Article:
Saturday, July 10, 2010

Work and Character

Work and our character are very closely connected. Considering that we will spend a great part of our life working it is important then that we work well. I have see that it is often on the job site where both men and women can develop those habits that destroy family life. Whether it be the affair with a co-worker, an addiction to media or pornography, etc. These are all symptoms of our cultures breakdown that we see all around us. How we work will influence everything else that we do in life. As a boy my brother and I were coveted in the community for our work ethic that our father instilled in us. Now as I seek to live on the land it will be only that work ethic that will hold up my family as we seek to make a living. The kind of work we do also can offer great opportunities to grow in virtue. Often in monasteries it was the humble porter who stood at the door to welcome all guests as Christ that became holy. So this adds another dimension to work: Fidelity. To do well what we have been given to do. My last post addressed the difference between jobs and work, but I will add now that one can grow in holiness doing anything so long as they are truly seeking God's will and being faithful. Although it may be better to work on the land than to be a car salesman it does not necessarily mean that the farmer will become holier than the car salesman. While I maintain my difference between work and job I add that both are legitimate at least in our modern times. Some will never have the chance to become a farmer. Some will be forced as young Karol Wojtyla was forced to work in the factories of Poland by Fascist and Communist dictators. It was during that time that young Karol developed a great devotion to the Blessed Virgin whom he had thought before took away from our devotion to Christ. All this being said this blog is about homesteading so I return to how character can be developed on a homestead as opposed to the artificial life most live today with the bright packages and dependence on a corporate hierarchy.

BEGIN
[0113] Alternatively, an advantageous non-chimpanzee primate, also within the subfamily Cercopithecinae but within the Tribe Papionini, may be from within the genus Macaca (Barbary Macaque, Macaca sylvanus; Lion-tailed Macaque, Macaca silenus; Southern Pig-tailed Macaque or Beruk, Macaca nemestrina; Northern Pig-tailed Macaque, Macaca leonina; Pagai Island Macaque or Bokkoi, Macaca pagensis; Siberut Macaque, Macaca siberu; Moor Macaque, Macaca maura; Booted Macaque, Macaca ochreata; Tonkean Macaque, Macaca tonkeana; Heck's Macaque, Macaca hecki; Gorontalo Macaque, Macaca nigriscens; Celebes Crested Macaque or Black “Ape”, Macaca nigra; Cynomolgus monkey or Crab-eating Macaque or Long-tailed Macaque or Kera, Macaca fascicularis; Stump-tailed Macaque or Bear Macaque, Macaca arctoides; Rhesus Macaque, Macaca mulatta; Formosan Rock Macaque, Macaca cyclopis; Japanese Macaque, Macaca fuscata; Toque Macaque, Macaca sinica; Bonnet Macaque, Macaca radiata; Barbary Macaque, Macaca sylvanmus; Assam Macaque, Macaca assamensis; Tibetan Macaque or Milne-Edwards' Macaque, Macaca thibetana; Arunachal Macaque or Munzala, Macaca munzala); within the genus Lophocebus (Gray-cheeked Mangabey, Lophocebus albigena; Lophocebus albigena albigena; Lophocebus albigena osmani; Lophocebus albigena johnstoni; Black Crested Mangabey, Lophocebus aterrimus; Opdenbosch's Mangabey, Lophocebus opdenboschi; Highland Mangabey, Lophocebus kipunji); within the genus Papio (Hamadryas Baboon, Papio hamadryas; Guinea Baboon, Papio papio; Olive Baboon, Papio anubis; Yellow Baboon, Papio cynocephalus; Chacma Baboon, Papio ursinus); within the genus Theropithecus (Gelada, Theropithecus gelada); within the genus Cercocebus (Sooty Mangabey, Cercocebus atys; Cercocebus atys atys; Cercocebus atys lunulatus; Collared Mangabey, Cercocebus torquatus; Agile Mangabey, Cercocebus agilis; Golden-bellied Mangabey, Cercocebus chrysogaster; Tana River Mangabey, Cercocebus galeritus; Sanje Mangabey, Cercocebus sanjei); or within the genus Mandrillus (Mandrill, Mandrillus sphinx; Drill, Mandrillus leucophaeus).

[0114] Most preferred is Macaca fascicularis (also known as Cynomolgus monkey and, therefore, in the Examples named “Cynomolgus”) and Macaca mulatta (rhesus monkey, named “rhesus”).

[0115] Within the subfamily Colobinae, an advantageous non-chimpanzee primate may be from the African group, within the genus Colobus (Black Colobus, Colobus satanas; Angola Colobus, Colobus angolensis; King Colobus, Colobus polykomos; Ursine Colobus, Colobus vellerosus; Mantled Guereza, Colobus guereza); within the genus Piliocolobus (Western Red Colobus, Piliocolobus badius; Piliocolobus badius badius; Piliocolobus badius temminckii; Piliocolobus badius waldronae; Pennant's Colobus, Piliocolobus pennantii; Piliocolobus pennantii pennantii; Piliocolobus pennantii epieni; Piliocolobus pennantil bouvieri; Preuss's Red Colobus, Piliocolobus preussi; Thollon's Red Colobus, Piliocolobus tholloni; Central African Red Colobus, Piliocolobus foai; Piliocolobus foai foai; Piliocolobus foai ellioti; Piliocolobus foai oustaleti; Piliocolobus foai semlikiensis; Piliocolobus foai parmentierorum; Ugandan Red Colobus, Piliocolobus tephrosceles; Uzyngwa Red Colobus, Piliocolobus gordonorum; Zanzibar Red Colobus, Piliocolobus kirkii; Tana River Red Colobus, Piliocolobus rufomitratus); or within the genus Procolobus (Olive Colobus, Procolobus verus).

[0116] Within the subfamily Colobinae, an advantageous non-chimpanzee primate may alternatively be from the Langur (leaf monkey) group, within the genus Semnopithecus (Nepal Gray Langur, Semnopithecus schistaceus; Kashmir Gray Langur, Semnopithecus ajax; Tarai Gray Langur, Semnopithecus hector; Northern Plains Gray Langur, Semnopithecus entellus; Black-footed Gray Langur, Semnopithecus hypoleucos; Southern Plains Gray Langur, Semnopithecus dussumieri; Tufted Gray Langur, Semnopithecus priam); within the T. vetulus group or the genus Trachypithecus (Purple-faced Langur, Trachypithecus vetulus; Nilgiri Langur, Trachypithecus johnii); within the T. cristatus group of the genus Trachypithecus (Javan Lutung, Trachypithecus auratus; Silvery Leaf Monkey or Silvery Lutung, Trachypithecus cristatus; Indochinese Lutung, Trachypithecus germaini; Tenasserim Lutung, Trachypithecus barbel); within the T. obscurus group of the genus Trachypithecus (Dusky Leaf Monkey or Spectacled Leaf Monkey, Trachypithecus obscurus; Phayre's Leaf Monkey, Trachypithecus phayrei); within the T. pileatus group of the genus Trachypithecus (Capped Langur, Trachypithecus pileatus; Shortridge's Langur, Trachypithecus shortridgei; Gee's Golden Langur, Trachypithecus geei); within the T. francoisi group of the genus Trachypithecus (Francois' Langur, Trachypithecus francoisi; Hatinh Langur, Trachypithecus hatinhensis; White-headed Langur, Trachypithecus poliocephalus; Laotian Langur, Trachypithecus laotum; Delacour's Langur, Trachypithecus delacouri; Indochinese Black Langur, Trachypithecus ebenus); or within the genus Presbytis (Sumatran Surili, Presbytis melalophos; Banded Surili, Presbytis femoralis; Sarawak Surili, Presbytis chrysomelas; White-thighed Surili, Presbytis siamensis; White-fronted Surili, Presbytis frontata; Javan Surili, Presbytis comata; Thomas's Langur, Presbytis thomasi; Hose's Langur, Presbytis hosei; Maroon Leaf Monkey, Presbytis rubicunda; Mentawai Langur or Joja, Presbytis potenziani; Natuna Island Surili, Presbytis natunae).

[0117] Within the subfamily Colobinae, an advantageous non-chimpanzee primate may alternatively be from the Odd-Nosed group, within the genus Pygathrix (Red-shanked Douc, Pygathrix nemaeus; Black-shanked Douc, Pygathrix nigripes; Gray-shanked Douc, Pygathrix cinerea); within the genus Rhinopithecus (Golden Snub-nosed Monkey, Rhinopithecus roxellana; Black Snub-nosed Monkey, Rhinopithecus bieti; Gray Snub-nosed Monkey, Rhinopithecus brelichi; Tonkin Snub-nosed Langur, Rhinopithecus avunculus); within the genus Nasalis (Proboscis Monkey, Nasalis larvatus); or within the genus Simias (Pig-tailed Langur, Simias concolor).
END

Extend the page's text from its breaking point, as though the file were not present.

I remember thinking as we moved onto our first homestead that it was finally happening. Somehow this land would provide the environment I needed to grow in holiness and help my family to do the same. Well while that thought was true it was not true in the way I sensed it initially. I didn't understand just how much work I would have to do. I have never shied from work, but I have seen first hand what happens when sloth or carelessness enter the picture. There was the time when I didn't lock up the chickens.... no more chickens or eggs. There was the week where I didn't weed the garden....10 times as much weeding. Little weeds are easily removed, but big weeds are....not! On the homestead we very often see the direct consequences of our actions in a very real way. We live them and live with them. A misprint on a piece of paper is today easily remedied, but the death of a flock of chickens is a loss of both money spend and future profit as well as time spend and another 5 months raising up chicks to laying size. A homestead is a great place to build character because you learn to live with your choices. In a world that tries to make us believe that choices don't have consequences this is the ideal place to learn otherwise. God bless all of you.


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